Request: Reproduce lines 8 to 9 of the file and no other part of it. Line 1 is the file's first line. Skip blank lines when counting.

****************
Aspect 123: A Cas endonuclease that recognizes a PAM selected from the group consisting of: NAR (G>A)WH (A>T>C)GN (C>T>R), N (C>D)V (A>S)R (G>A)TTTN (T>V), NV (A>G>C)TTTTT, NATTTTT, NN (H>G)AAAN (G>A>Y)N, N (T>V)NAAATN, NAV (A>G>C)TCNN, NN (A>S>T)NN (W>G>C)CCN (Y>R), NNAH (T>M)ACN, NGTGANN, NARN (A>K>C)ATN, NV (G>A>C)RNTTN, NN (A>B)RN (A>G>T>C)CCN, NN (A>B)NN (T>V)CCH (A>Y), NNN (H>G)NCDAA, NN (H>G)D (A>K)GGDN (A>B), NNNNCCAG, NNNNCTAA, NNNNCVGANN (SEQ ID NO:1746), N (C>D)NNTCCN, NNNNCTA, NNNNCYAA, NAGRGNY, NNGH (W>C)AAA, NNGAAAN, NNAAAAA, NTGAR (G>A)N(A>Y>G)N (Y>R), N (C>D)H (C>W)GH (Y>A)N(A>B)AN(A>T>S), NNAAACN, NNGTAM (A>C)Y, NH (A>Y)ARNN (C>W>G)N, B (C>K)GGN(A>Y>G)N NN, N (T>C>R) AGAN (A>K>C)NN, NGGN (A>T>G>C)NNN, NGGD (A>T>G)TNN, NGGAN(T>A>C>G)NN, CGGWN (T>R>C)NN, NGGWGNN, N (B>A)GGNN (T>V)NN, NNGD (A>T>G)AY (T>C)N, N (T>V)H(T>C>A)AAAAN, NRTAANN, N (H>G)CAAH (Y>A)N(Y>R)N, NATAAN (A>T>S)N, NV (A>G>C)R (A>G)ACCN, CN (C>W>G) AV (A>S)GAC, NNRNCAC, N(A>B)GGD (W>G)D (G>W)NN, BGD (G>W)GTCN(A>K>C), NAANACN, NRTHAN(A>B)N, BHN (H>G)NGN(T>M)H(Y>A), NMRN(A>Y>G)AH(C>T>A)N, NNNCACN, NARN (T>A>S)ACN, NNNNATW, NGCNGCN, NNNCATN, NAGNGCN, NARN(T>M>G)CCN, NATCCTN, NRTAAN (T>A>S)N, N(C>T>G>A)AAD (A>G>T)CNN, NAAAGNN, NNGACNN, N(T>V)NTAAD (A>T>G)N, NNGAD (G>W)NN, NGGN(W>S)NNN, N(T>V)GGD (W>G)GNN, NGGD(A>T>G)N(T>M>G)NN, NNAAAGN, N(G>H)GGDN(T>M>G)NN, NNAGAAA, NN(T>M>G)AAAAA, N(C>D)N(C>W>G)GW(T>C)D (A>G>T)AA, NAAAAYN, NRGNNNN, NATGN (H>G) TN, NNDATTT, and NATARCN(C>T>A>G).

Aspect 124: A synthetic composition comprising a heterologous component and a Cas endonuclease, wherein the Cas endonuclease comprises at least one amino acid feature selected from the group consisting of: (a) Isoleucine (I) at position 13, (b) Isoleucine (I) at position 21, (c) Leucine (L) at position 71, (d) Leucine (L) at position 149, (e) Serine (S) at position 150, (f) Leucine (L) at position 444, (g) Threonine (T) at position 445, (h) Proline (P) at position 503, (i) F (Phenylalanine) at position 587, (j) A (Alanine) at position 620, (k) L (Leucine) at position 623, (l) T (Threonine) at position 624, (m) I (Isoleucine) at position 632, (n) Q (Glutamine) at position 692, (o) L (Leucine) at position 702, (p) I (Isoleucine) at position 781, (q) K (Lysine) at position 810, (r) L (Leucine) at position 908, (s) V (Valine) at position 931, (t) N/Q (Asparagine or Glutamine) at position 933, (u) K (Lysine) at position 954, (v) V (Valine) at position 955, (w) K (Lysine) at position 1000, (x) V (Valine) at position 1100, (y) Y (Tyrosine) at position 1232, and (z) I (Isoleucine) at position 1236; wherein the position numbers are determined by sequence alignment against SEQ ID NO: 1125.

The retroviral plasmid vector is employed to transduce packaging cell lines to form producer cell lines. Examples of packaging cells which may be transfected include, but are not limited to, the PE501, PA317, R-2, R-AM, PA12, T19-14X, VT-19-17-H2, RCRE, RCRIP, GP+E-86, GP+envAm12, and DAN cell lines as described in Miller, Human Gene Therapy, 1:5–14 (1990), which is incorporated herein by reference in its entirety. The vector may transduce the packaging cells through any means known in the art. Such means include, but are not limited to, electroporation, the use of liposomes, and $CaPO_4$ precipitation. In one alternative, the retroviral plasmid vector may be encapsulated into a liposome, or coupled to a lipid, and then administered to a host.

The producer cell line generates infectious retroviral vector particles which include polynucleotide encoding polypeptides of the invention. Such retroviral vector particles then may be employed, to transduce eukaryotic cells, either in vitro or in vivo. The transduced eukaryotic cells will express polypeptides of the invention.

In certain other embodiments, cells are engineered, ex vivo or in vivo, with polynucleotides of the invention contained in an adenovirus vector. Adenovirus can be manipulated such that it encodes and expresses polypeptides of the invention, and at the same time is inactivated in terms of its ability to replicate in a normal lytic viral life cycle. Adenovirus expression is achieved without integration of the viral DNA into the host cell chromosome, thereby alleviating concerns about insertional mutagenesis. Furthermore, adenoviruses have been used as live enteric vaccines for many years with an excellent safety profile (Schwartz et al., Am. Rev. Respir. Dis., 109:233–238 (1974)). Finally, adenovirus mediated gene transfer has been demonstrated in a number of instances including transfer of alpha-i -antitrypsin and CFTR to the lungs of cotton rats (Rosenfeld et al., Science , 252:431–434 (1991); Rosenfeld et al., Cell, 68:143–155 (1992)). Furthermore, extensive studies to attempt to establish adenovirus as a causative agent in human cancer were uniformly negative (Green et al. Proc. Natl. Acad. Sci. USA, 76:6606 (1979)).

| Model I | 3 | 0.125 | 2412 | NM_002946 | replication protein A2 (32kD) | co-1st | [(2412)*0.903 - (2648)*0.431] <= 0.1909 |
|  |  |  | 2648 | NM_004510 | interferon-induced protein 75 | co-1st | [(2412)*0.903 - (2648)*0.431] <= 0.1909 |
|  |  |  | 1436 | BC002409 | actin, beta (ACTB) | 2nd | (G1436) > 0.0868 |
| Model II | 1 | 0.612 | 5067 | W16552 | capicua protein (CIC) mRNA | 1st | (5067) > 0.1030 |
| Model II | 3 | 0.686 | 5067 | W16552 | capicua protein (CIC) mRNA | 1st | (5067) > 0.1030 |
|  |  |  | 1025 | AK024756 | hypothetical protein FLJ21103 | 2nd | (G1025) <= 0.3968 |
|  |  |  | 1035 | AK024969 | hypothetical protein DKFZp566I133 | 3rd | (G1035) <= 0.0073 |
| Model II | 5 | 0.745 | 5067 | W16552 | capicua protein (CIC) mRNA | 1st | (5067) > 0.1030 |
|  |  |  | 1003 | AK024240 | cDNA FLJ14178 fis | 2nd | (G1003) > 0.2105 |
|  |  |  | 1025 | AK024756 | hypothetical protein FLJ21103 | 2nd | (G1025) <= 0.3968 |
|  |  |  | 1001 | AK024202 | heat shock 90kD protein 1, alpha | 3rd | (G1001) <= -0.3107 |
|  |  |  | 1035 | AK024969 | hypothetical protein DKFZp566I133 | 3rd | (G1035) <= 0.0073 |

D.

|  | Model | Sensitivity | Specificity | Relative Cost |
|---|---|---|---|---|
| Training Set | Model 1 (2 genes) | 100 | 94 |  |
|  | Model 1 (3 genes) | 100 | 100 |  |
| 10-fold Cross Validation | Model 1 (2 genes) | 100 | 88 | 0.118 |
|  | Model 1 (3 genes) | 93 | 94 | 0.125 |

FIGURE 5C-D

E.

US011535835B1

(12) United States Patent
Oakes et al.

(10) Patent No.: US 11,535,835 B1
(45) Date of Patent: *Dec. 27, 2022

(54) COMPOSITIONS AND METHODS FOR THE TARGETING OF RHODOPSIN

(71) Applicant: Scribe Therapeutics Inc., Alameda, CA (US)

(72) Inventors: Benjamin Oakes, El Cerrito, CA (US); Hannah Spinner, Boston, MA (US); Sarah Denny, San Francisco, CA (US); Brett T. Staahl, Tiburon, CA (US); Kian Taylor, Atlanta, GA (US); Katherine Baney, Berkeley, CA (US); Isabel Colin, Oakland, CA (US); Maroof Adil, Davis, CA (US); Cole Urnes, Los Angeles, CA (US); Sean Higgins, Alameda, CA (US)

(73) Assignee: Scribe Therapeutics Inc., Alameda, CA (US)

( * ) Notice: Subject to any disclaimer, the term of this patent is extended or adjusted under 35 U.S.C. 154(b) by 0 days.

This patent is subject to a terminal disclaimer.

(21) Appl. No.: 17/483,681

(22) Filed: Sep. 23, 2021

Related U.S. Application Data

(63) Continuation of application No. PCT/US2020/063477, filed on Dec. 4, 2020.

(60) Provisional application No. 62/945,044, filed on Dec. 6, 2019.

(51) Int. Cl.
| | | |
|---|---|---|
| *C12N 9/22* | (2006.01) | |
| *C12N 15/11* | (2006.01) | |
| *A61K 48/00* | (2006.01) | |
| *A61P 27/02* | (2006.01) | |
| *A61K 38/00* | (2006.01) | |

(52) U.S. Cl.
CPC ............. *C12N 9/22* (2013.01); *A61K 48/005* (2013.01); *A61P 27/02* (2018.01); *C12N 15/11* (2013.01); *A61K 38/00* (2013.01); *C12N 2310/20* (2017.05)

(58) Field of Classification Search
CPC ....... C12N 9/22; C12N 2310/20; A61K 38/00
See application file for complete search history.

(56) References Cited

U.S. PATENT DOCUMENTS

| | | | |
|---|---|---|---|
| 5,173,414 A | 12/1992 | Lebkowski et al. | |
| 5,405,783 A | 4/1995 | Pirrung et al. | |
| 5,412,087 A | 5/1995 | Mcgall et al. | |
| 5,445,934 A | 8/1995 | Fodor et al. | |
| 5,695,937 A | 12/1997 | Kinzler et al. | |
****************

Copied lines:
|  |  |  | 1436 | BC002409 | actin, beta (ACTB) | 2nd | (G1436) > 0.0868 |
| Model II | 1 | 0.612 | 5067 | W16552 | capicua protein (CIC) mRNA | 1st | (5067) > 0.1030 |